Basecamp, a productivity software maker, said that it’s banning employees from “societal and political discussions” on internal workplace tools. That led to almost half of the small team walking out.
Some months back, Coinbase, a crypto startup also set a no-politics-at-work policy. They too faced some turbulence among employees. Should some topics be banned from the workplace? Is it harder for startups to deal with these issues? Is there a playbook to follow?
My AHA moment came from an experience I had. You may have felt that too. I describe it here.
Three reasons why leaders must engage with tricky questions
Are employees being ungrateful when they want the perks of one company and the salary of another and the challenge of a third firm? Why is it happening today? I offer three reasons why shutting off debate is a bad idea.
1. Handling diversity is a leaders job
A business may start off with two friends in a garage, but as the organisation grows, the talent pool grows beyond the circle of friends and known people. Diverse talent pools drive innovation. Diverse groups will have diverse points of view on every subject.
Shutting off conversations puts out a big warning sign that asking questions is not appreciated. It is the role of the leader to foster curiosity by handling questions. Even business terms that are used every day need to explained.
For example, L’Oreal’s mission is, “Offering all women and men worldwide the best of cosmetics innovation in terms of quality, efficacy, and safety.” The leaders explain through conversations what “quality”, “safety” etc mean, in their business context. Else it is unlikely to see consistent implementation. Every word has a literal meaning and a then there is a cultural context that shapes the meaning. Finally, the individual’s own world view filters how the word is understood.
2. Customers and employees are neighbours
Organisations can no longer pretend to shy away from taking a stand on societal issues. They draw their talent pool from the society and sell their products and service to society. They contribute to the problems and solutions that we live with. Businesses make contributions to political parties and continue to influence lawmakers through lobbyists. Businesses put social campaigns to boost sales, so it is fair to expect employees to raise social issues.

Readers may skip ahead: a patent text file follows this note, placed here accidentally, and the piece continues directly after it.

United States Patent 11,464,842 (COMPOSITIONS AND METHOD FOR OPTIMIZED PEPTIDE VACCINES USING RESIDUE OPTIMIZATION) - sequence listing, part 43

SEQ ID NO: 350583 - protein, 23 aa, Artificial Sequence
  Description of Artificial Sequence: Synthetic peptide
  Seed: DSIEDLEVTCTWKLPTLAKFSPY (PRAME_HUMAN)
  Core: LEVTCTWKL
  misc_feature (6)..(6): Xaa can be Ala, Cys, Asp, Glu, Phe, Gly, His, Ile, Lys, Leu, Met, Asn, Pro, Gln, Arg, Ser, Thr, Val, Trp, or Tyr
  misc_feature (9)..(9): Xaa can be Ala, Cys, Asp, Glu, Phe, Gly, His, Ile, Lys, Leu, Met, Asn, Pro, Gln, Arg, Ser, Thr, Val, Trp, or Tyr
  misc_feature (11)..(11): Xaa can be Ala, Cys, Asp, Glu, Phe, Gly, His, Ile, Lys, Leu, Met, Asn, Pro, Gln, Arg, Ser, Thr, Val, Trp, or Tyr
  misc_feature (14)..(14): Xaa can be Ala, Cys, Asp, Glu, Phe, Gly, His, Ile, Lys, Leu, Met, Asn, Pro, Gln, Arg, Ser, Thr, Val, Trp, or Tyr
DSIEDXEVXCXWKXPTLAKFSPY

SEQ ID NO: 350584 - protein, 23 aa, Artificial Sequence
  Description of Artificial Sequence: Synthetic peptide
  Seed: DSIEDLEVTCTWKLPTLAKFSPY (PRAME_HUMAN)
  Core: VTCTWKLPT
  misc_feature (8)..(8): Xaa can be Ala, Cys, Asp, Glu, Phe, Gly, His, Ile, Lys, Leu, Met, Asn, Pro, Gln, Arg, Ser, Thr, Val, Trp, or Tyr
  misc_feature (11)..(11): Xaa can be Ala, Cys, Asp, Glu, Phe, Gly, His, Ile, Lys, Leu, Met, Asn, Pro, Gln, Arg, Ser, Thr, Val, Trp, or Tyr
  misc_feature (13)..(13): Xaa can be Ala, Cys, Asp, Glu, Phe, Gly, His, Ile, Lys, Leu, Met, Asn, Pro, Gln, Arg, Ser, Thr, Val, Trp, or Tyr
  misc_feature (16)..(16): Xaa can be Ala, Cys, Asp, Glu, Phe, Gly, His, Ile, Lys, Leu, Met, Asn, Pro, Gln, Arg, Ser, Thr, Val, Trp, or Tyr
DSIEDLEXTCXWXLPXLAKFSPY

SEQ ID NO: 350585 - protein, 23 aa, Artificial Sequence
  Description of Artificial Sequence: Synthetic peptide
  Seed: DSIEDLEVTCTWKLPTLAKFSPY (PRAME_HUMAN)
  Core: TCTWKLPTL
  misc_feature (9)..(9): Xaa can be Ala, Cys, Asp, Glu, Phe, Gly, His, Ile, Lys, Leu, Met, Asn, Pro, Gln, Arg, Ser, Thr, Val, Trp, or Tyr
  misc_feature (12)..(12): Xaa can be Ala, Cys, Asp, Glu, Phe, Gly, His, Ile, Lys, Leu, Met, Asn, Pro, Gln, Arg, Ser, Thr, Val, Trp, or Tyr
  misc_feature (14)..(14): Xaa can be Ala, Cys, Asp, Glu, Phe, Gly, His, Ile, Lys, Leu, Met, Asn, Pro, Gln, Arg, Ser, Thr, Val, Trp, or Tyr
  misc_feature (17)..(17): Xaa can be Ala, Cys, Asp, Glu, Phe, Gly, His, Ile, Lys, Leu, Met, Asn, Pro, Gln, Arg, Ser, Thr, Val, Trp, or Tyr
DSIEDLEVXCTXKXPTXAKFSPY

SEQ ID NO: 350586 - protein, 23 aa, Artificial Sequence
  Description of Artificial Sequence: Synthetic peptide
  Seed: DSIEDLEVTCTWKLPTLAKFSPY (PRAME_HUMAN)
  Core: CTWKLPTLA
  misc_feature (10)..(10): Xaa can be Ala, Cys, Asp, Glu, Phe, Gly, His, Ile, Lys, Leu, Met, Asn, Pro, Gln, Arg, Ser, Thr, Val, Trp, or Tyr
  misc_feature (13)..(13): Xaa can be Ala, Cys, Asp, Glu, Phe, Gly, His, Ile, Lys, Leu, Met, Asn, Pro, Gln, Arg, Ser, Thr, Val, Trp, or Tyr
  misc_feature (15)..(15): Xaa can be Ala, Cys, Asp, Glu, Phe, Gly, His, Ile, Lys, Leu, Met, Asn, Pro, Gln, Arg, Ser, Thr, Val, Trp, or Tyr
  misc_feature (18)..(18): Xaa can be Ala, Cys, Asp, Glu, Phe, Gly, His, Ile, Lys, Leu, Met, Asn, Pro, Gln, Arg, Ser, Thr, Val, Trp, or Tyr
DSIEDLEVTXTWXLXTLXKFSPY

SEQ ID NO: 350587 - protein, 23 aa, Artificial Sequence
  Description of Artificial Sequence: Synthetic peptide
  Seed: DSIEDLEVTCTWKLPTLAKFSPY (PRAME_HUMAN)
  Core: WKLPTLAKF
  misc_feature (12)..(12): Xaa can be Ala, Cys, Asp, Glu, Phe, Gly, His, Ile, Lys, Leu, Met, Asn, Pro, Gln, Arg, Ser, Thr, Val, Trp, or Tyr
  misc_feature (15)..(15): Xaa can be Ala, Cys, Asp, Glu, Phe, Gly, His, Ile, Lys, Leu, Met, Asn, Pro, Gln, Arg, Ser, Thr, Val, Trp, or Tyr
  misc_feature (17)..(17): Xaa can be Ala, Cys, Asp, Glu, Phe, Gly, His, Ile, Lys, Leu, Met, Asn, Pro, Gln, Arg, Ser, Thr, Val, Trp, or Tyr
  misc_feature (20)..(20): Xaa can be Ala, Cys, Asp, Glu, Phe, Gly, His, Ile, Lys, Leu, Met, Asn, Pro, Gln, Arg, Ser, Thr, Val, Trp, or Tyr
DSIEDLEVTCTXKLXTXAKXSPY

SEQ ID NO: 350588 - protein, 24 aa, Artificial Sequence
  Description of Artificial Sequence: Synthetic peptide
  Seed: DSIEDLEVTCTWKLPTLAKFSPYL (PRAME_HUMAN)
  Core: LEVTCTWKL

All societal changes begin with questions. Every innovation is triggered by a question that someone asks. Every founder discovers that saying, “We are changing the world” can inspire people. They need to begin implementing that in the workplace.
3. Competing on emotions
Maslow’s need hierarchy tells us that once the physiological needs like food, shelter etc are met, we focus on our affiliation needs. We focus on relationships that make us feel loved. We gravitate towards people who make us feel esteemed.
We are in the era where emotions and relationships will drive the workplace. We can no longer say, “Leave your emotions at home when you leave for the office.” The office has moved in to our home. The cognitive tasks are being done by algorithms and machines. It is the emotionally complex tasks where humans can outsmart machines.
We need people who experience emotions
Leaders have to build trust. They must inspire. The leader must have the humility to acknowledge vulnerability. They must have the confidence to take big bets. These are all emotions we expect of the leaders.
When hiring talent, we want people who are passionate. Organisations feel thrilled when they have an engaged employee base. The organisation’s mission and values create differentiators. While everyone ought to be doing what they paid to do, we need managers to motivate the teams and make them resilient …